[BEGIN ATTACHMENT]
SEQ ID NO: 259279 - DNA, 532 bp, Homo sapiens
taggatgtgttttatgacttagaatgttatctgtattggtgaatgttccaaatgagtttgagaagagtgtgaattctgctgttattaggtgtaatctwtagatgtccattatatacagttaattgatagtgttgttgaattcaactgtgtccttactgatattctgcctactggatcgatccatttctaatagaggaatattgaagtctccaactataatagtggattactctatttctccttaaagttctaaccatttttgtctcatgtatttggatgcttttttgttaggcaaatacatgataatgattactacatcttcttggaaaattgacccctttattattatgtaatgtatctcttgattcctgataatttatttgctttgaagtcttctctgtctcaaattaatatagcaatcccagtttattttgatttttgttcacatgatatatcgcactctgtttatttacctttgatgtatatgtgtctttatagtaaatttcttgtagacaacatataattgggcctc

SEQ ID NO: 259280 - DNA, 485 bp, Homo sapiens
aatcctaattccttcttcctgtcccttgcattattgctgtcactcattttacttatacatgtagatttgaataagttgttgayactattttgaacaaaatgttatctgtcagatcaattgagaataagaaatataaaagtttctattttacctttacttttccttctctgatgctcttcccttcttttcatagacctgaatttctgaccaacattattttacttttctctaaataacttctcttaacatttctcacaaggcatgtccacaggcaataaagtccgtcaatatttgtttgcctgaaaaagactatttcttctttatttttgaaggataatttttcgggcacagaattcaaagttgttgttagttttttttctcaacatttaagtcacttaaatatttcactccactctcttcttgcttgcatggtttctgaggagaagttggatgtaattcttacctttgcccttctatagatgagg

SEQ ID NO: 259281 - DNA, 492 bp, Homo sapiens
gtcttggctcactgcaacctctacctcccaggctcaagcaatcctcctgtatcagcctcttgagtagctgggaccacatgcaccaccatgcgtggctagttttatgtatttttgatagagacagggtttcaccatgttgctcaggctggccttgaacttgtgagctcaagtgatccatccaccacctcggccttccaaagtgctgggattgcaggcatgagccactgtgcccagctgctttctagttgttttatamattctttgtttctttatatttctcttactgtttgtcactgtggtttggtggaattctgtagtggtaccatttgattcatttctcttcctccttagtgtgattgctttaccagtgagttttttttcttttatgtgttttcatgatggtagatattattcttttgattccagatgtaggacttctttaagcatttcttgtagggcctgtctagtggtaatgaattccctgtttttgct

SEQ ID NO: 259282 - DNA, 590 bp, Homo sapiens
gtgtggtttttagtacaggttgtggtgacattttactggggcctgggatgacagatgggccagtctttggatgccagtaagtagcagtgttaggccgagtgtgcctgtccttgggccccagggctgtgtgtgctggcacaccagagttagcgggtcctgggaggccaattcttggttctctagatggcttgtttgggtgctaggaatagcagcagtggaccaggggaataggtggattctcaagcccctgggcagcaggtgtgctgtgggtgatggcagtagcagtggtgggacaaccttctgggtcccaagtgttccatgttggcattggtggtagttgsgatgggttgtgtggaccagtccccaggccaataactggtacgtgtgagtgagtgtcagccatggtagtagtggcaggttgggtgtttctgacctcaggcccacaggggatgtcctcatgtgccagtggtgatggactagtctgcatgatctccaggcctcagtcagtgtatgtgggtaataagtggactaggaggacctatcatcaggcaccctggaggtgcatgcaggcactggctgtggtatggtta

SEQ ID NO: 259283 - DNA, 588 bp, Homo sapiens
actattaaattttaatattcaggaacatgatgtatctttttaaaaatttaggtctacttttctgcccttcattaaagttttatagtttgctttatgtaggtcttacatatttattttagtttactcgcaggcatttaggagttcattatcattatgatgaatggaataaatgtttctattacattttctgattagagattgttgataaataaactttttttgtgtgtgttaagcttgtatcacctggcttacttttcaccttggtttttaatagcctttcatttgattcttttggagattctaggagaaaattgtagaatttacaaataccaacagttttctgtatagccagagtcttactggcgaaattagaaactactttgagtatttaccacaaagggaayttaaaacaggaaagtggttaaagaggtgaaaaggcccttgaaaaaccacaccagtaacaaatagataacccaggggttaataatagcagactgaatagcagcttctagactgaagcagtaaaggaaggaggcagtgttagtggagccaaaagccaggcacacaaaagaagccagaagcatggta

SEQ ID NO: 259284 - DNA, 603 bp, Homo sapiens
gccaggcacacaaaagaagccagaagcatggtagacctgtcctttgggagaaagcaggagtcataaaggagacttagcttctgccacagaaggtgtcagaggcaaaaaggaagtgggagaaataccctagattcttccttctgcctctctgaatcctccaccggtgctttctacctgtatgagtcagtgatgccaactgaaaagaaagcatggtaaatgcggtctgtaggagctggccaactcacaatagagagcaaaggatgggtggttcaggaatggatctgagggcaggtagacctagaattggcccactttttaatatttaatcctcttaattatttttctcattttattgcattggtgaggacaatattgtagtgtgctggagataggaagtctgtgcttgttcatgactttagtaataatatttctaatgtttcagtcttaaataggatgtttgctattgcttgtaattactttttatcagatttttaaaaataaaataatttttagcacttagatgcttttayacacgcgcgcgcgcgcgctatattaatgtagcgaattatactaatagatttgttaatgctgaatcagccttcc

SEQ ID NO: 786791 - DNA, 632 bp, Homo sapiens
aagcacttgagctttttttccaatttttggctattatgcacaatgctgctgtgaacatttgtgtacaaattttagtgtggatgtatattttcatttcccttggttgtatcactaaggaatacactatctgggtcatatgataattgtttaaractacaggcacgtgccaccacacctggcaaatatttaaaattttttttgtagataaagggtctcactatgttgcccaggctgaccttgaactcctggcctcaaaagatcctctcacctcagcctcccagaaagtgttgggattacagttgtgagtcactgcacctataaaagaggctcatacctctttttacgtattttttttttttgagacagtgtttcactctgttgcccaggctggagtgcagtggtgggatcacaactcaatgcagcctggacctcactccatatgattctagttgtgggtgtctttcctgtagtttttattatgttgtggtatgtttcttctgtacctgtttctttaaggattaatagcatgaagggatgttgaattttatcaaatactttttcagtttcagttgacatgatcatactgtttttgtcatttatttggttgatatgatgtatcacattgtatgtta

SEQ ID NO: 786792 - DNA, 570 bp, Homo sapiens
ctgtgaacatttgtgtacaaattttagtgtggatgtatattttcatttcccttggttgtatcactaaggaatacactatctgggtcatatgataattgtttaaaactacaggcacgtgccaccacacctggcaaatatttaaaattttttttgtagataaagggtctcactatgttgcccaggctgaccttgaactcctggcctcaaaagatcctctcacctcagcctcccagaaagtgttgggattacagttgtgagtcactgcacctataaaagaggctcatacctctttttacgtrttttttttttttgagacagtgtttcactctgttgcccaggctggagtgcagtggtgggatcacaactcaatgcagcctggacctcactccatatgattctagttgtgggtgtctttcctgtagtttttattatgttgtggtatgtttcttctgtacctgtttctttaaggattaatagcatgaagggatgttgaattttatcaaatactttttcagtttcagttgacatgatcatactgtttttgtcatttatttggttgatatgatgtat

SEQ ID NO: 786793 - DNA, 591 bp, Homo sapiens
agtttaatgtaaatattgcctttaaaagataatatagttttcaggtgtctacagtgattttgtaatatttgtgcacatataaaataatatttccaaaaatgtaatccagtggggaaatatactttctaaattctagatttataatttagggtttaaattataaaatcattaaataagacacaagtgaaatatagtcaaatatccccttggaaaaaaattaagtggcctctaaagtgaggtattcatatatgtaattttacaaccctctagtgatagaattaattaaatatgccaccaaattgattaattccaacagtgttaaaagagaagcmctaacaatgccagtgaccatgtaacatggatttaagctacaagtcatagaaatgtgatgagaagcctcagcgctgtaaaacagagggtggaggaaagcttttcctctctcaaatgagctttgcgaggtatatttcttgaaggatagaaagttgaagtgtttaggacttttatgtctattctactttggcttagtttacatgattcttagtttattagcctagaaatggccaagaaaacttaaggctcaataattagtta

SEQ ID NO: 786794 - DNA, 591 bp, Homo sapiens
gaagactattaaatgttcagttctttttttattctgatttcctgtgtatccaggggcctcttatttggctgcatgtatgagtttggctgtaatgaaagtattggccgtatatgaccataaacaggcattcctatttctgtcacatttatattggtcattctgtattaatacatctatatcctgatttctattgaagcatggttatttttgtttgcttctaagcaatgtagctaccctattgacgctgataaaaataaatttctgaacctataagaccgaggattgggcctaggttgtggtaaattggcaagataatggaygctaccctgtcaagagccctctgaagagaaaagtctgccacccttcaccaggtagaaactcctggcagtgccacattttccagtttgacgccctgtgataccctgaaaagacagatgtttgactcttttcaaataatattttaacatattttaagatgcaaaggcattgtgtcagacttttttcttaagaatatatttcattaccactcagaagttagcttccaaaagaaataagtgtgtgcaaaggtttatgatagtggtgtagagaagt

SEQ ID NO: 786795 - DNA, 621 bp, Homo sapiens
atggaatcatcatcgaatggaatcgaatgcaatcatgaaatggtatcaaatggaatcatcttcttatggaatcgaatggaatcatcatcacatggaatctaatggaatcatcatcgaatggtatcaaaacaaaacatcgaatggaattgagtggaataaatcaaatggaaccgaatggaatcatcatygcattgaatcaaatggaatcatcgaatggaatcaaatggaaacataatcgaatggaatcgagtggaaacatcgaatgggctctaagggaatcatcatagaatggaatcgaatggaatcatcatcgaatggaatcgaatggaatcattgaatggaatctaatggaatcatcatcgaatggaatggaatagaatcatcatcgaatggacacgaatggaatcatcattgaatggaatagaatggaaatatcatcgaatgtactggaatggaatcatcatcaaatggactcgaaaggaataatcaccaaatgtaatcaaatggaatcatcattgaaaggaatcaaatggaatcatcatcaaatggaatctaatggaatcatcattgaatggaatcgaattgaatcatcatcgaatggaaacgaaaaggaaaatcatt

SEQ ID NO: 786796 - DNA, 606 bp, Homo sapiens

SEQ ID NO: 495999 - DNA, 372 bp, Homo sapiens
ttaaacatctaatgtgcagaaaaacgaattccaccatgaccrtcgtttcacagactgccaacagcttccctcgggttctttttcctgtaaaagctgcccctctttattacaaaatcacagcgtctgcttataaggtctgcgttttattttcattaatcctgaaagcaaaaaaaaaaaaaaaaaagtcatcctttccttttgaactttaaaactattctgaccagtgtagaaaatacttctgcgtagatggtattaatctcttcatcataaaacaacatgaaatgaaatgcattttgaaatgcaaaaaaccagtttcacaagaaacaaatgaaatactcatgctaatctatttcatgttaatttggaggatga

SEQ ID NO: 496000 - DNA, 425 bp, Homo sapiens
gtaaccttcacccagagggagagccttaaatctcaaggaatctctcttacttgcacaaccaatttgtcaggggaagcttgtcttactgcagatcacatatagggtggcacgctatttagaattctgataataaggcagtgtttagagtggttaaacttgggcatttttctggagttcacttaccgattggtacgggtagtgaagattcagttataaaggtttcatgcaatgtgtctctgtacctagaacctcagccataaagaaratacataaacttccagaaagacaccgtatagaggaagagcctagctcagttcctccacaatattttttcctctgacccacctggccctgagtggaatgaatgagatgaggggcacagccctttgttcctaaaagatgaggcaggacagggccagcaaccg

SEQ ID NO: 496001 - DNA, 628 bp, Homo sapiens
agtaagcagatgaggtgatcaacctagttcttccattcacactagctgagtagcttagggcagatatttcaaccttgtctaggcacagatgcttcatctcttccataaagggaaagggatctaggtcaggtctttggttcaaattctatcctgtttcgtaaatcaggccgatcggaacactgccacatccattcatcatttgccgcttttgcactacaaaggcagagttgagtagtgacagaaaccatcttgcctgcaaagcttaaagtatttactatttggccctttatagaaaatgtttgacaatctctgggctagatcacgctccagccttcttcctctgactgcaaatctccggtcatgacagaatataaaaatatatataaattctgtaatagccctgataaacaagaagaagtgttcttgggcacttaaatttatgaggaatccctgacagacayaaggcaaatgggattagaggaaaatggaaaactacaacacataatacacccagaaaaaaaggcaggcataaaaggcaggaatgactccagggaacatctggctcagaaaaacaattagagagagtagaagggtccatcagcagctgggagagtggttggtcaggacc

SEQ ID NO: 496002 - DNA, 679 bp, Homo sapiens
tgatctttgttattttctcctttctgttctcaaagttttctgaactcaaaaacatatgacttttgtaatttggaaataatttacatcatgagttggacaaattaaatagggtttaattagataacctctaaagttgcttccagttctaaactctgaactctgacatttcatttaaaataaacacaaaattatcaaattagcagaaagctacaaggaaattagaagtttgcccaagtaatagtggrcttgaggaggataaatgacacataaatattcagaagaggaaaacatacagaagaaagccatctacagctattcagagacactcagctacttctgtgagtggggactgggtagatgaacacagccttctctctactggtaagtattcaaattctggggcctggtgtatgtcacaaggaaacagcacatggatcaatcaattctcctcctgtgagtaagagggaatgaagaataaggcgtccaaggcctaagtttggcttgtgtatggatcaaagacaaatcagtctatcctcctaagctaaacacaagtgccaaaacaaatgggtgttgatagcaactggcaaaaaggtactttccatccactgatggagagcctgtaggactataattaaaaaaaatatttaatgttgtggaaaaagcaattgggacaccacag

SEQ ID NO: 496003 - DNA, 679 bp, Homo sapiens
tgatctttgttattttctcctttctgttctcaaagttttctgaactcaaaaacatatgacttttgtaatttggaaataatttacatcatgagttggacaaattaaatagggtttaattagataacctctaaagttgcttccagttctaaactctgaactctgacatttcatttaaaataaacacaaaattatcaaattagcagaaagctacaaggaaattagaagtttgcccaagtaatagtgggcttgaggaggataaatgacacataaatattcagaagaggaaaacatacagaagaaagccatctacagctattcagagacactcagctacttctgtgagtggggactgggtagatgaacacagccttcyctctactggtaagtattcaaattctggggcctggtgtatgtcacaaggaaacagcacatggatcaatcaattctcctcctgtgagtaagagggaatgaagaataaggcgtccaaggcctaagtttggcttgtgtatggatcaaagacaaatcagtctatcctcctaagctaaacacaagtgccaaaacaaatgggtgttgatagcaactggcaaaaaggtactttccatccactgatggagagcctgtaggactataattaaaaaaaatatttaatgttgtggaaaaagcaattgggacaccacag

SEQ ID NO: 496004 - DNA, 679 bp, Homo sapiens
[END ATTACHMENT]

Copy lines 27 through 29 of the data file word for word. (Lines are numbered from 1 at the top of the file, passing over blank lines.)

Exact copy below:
gtaaccttcacccagagggagagccttaaatctcaaggaatctctcttacttgcacaaccaatttgtcaggggaagcttgtcttactgcagatcacatatagggtggcacgctatttagaattctgataataaggcagtgtttagagtggttaaacttgggcatttttctggagttcacttaccgattggtacgggtagtgaagattcagttataaaggtttcatgcaatgtgtctctgtacctagaacctcagccataaagaaratacataaacttccagaaagacaccgtatagaggaagagcctagctcagttcctccacaatattttttcctctgacccacctggccctgagtggaatgaatgagatgaggggcacagccctttgttcctaaaagatgaggcaggacagggccagcaaccg

SEQ ID NO: 496001 - DNA, 628 bp, Homo sapiens
agtaagcagatgaggtgatcaacctagttcttccattcacactagctgagtagcttagggcagatatttcaaccttgtctaggcacagatgcttcatctcttccataaagggaaagggatctaggtcaggtctttggttcaaattctatcctgtttcgtaaatcaggccgatcggaacactgccacatccattcatcatttgccgcttttgcactacaaaggcagagttgagtagtgacagaaaccatcttgcctgcaaagcttaaagtatttactatttggccctttatagaaaatgtttgacaatctctgggctagatcacgctccagccttcttcctctgactgcaaatctccggtcatgacagaatataaaaatatatataaattctgtaatagccctgataaacaagaagaagtgttcttgggcacttaaatttatgaggaatccctgacagacayaaggcaaatgggattagaggaaaatggaaaactacaacacataatacacccagaaaaaaaggcaggcataaaaggcaggaatgactccagggaacatctggctcagaaaaacaattagagagagtagaagggtccatcagcagctgggagagtggttggtcaggacc